European Parliament asks for respect of human rights on the Internet

By EDRi · April 8, 2009

This article is also available in:
Deutsch: [Europäisches Parlament fordert Respekt für die Menschenrechte im Internet |]

This article is also available in:
Macedonian: [Европскиот парламент бара да се… |,mk/]

On 26 March 2009, the European Parliament voted with a large majority to
support Lambrinidis report concerning the protection of individual liberties
on the Internet, rejecting the amendments proposed by the French Government
and the copyright industry.

The position of the EP is that “guaranteeing Internet access to all citizens
is the same as guaranteeing all citizens access to education” and that “such
access must not be refused in punishment by governments or private
organizations”. The MEPs ask the Member States to “recognise that the
Internet can be an extraordinary opportunity to enhance active citizenship
and that, in this respect, access to networks and contents is one of the key
elements; recommend that this issue be further developed on the basis of the
assumption that everyone has a right to participate in the information
society and that institutions and stakeholders at all levels have a general
responsibility to assist in this development, thus attacking the twin new
challenges of e-illiteracy and democratic exclusion in the electronic age.”

The report adopted by the MEPs acknowledges the necessity of providing
safety measures for the protection of Internet users, especially children,
due to the risks users may be exposed on the Internet which can be used as a
tool for criminals or terrorists. The report proposes actions against
cybercriminals but at the same time, asks for a balance between security on
the Internet and the guarantee of the fundamental rights of Internet users’
privacy. The MEPs call to Member States to protect the “respect for private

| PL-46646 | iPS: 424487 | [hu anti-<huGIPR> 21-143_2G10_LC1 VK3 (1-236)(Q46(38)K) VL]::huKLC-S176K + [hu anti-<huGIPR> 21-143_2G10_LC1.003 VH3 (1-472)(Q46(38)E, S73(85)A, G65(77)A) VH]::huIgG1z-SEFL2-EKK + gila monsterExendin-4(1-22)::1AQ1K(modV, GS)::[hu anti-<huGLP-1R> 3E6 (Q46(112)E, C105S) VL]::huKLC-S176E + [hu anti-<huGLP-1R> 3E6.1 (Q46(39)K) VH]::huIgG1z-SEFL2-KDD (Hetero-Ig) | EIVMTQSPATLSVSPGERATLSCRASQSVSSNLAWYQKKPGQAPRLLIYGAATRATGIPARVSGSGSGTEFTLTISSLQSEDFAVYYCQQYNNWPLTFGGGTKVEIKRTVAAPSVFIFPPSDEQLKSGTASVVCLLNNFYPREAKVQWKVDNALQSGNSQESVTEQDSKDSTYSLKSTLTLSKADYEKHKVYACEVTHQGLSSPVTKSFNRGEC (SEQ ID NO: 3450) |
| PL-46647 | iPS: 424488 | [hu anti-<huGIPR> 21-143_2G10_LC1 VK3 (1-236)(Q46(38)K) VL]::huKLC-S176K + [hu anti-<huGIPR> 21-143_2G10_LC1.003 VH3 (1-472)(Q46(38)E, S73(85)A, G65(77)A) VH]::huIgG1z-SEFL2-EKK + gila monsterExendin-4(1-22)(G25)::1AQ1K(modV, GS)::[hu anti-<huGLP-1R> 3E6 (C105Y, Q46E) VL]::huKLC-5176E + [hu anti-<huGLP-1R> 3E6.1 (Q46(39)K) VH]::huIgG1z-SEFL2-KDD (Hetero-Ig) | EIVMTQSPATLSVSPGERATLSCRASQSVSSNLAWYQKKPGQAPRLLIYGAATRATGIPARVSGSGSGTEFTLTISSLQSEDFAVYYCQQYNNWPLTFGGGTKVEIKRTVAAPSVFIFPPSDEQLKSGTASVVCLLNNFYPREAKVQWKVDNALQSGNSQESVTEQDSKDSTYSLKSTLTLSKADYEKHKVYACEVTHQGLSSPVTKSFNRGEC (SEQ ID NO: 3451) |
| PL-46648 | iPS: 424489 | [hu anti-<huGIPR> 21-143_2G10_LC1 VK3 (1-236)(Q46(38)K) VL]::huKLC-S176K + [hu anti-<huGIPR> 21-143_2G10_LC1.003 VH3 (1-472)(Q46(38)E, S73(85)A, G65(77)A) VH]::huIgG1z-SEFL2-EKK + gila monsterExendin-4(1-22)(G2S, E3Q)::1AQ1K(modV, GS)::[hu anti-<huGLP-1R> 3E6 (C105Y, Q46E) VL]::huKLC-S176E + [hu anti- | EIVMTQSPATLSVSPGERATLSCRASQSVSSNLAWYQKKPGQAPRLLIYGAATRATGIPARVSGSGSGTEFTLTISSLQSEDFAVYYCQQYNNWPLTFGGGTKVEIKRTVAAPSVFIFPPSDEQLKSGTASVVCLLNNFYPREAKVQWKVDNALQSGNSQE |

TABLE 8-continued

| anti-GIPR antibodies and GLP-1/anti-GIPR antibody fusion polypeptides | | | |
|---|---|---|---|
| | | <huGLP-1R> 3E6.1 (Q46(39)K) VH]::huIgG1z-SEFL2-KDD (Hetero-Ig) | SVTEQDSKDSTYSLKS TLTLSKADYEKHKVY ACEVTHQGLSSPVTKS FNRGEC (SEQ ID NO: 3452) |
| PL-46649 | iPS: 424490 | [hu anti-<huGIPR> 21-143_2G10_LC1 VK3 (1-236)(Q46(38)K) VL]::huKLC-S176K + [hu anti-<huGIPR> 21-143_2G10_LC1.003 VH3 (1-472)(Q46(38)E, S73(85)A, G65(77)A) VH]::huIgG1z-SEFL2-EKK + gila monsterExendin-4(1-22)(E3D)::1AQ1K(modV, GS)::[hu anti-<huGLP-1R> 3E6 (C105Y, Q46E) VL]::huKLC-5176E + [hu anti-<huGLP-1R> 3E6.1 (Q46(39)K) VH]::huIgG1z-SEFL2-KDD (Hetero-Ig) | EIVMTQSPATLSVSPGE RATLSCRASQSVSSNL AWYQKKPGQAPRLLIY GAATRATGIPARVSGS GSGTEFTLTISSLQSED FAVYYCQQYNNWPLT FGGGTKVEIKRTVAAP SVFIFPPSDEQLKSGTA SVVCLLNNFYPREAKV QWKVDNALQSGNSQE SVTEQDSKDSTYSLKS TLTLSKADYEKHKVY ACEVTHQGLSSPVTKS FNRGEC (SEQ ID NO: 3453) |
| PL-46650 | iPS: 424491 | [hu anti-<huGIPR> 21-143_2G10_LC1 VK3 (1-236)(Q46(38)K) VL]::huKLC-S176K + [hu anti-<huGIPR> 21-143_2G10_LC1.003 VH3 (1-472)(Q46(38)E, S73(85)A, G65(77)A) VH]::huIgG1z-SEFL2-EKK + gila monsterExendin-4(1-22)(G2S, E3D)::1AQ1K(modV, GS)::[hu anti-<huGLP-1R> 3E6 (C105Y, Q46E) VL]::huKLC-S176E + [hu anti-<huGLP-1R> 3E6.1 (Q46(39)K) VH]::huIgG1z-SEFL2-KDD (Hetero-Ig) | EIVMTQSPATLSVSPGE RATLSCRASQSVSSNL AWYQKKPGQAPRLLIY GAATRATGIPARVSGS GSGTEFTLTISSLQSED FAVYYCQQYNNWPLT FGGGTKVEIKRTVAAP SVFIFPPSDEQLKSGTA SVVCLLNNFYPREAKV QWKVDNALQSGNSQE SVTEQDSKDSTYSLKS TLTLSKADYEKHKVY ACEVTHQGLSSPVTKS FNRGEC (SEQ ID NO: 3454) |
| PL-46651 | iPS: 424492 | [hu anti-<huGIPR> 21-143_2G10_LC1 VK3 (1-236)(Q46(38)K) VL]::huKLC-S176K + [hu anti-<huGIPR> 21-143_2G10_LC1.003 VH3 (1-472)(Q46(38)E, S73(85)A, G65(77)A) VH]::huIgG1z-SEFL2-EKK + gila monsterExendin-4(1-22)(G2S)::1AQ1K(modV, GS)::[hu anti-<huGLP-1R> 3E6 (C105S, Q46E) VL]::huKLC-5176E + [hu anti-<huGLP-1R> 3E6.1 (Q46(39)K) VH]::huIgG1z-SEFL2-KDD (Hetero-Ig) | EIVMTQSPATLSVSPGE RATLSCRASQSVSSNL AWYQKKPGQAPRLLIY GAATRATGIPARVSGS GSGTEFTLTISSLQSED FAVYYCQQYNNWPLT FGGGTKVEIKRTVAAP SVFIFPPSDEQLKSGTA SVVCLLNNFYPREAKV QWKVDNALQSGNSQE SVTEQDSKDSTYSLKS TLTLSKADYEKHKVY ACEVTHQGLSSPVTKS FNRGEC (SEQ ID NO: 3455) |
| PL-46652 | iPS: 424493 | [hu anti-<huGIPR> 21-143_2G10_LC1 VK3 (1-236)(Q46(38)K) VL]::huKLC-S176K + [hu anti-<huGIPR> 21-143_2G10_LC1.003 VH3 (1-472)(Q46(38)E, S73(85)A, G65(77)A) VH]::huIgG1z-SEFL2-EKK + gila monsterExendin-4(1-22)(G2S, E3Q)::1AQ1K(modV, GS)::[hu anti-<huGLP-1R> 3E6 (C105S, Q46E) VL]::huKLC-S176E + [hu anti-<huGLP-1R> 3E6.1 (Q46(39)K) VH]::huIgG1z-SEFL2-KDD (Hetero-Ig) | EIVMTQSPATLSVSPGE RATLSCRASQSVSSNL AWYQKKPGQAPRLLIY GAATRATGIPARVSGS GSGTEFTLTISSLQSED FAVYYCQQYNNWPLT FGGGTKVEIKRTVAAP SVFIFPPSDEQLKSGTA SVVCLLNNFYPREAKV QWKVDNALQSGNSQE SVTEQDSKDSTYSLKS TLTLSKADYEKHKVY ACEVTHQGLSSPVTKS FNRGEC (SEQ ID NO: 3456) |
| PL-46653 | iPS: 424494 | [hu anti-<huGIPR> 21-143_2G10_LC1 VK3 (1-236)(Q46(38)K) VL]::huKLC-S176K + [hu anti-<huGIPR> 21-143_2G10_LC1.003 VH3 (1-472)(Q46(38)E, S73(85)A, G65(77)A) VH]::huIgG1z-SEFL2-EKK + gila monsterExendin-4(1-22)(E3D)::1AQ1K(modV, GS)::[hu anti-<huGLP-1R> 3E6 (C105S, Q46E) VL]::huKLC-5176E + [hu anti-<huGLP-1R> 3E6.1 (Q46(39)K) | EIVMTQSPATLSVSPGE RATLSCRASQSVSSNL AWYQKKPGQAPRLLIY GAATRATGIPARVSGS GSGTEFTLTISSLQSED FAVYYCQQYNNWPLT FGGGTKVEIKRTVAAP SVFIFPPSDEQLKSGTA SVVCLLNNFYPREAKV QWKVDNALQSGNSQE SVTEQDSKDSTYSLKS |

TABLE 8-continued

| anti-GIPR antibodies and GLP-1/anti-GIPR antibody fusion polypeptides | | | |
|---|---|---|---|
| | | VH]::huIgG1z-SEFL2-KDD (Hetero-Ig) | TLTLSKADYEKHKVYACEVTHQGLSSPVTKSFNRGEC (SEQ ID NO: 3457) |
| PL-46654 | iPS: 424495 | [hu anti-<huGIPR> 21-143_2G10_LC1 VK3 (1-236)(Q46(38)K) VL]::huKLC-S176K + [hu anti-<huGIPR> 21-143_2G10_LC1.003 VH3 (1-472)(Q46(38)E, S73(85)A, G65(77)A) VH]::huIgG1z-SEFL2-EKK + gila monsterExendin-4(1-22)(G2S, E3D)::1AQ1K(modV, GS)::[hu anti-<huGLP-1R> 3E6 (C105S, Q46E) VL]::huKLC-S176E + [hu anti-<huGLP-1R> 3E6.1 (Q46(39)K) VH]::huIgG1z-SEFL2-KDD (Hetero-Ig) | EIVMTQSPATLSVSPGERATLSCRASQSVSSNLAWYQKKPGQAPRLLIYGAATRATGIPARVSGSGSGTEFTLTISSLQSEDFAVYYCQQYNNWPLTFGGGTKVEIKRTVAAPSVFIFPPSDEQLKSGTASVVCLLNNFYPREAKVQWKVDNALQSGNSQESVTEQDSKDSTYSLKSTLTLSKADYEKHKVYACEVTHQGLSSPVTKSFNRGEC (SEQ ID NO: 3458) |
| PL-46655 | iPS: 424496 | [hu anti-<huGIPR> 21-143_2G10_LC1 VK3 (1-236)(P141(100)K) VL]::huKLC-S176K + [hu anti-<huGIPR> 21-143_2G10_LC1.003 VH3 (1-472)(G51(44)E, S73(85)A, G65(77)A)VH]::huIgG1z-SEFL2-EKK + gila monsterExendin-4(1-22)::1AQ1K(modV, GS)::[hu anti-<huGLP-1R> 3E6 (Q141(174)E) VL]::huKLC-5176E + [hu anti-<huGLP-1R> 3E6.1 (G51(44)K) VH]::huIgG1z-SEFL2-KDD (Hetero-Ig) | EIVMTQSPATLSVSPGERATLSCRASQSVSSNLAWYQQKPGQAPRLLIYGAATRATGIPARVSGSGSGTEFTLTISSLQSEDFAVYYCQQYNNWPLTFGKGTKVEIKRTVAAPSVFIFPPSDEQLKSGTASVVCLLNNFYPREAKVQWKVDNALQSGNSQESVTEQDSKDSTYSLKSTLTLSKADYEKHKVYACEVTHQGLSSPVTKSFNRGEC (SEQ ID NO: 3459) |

life, data protection, freedom of speech and association, freedom of press,
political expression and participation, non-discrimination and
education.(…) Having in view the global character of the Internet, the
MEPs recommend that Member States and the European Commission should draw
regulations for data protection, security and freedom of speech in order to
protect the privacy of Internet users,” says the EP recommendation.

The EP also urges Member States to take due account of the “importance of
anonymity, pseudonymity and control of information flows for privacy and the
fact that users should be provided with, and educated about, the means to
protect it efficiently, for instance through various available
Privacy-Enhancing Technologies (PETs).” The recommandation asks the Member
States to identify all entities which use Net Surveillance and to draw up
publicly accessible annual reports on Net Surveillance ensuring legality,
proportionality and transparency.

In the EP’s opinion, attention must be paid to “network neutrality,
interoperability, the global accessibility of all Internet nodes, and the
use of open formats and standards”. EP also raises the issue of the Internet
users’ consent for giving personal information to governments or private
companies, drawing the attention on the imbalance of the negotiating power
between users and institutions. The MEPs’ position is that users should be
able to have the right to permanently delete any of their personal details
saved on “internet websites or on any third party data storage medium.”

By rejecting France’s amendments to the report, the EP has rejected again
the graduate response scheme pushed so hard by France. The EP considers that
the IPR enforcement does not need to use “the systematic monitoring and
surveillance of all users activities on the Internet” and that the penalties
need to be proportionate to the infringements committed.

The European Parliament also publicly supports the “Internet Bill of Rights”
and the promotion of the “privacy by design” principle.

Recomamndation on Security and fundamental freedoms on the Internet

EP recommendation on Strengthening security and fundamental freedoms on the
Internet (26.03.2009)

Lambrinidis report: pro-copyright changes rejected (26.03.2009)

The European Parliament rejects “graduated response”… for the third time

Privacy and Fundamental Freedoms Put to Vote (27.03.2009)

EDRI-gram: EP wants a better balance between Internet security and privacy
rights (11.03.2009)